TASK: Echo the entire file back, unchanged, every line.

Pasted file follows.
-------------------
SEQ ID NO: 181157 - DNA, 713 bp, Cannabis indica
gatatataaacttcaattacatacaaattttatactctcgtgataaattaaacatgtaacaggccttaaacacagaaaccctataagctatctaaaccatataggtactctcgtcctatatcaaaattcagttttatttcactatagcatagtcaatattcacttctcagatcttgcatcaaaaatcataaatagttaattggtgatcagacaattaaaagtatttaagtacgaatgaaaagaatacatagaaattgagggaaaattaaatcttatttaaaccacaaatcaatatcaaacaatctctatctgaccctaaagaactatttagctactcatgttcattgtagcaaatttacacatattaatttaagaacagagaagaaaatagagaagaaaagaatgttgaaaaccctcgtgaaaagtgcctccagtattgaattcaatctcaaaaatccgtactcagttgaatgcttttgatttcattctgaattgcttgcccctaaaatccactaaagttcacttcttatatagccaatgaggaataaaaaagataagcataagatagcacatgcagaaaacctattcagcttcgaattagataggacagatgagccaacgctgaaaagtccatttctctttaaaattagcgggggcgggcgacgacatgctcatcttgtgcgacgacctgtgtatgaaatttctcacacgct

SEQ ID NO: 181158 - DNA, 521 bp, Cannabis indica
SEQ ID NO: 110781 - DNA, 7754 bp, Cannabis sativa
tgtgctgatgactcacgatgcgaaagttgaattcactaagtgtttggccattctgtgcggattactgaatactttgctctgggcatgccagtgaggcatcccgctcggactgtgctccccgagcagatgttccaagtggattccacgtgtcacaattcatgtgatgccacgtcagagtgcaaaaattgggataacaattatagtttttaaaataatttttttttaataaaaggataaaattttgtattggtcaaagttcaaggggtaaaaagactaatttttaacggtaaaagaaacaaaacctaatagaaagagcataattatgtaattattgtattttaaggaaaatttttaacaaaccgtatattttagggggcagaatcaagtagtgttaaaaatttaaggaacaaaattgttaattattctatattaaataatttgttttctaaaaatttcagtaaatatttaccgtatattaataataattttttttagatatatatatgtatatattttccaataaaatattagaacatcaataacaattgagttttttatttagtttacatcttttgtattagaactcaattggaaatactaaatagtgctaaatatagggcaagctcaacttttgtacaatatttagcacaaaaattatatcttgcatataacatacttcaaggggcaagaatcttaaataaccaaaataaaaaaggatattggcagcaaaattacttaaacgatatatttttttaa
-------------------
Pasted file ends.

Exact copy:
SEQ ID NO: 181157 - DNA, 713 bp, Cannabis indica
gatatataaacttcaattacatacaaattttatactctcgtgataaattaaacatgtaacaggccttaaacacagaaaccctataagctatctaaaccatataggtactctcgtcctatatcaaaattcagttttatttcactatagcatagtcaatattcacttctcagatcttgcatcaaaaatcataaatagttaattggtgatcagacaattaaaagtatttaagtacgaatgaaaagaatacatagaaattgagggaaaattaaatcttatttaaaccacaaatcaatatcaaacaatctctatctgaccctaaagaactatttagctactcatgttcattgtagcaaatttacacatattaatttaagaacagagaagaaaatagagaagaaaagaatgttgaaaaccctcgtgaaaagtgcctccagtattgaattcaatctcaaaaatccgtactcagttgaatgcttttgatttcattctgaattgcttgcccctaaaatccactaaagttcacttcttatatagccaatgaggaataaaaaagataagcataagatagcacatgcagaaaacctattcagcttcgaattagataggacagatgagccaacgctgaaaagtccatttctctttaaaattagcgggggcgggcgacgacatgctcatcttgtgcgacgacctgtgtatgaaatttctcacacgct

SEQ ID NO: 181158 - DNA, 521 bp, Cannabis indica
SEQ ID NO: 110781 - DNA, 7754 bp, Cannabis sativa
tgtgctgatgactcacgatgcgaaagttgaattcactaagtgtttggccattctgtgcggattactgaatactttgctctgggcatgccagtgaggcatcccgctcggactgtgctccccgagcagatgttccaagtggattccacgtgtcacaattcatgtgatgccacgtcagagtgcaaaaattgggataacaattatagtttttaaaataatttttttttaataaaaggataaaattttgtattggtcaaagttcaaggggtaaaaagactaatttttaacggtaaaagaaacaaaacctaatagaaagagcataattatgtaattattgtattttaaggaaaatttttaacaaaccgtatattttagggggcagaatcaagtagtgttaaaaatttaaggaacaaaattgttaattattctatattaaataatttgttttctaaaaatttcagtaaatatttaccgtatattaataataattttttttagatatatatatgtatatattttccaataaaatattagaacatcaataacaattgagttttttatttagtttacatcttttgtattagaactcaattggaaatactaaatagtgctaaatatagggcaagctcaacttttgtacaatatttagcacaaaaattatatcttgcatataacatacttcaaggggcaagaatcttaaataaccaaaataaaaaaggatattggcagcaaaattacttaaacgatatatttttttaa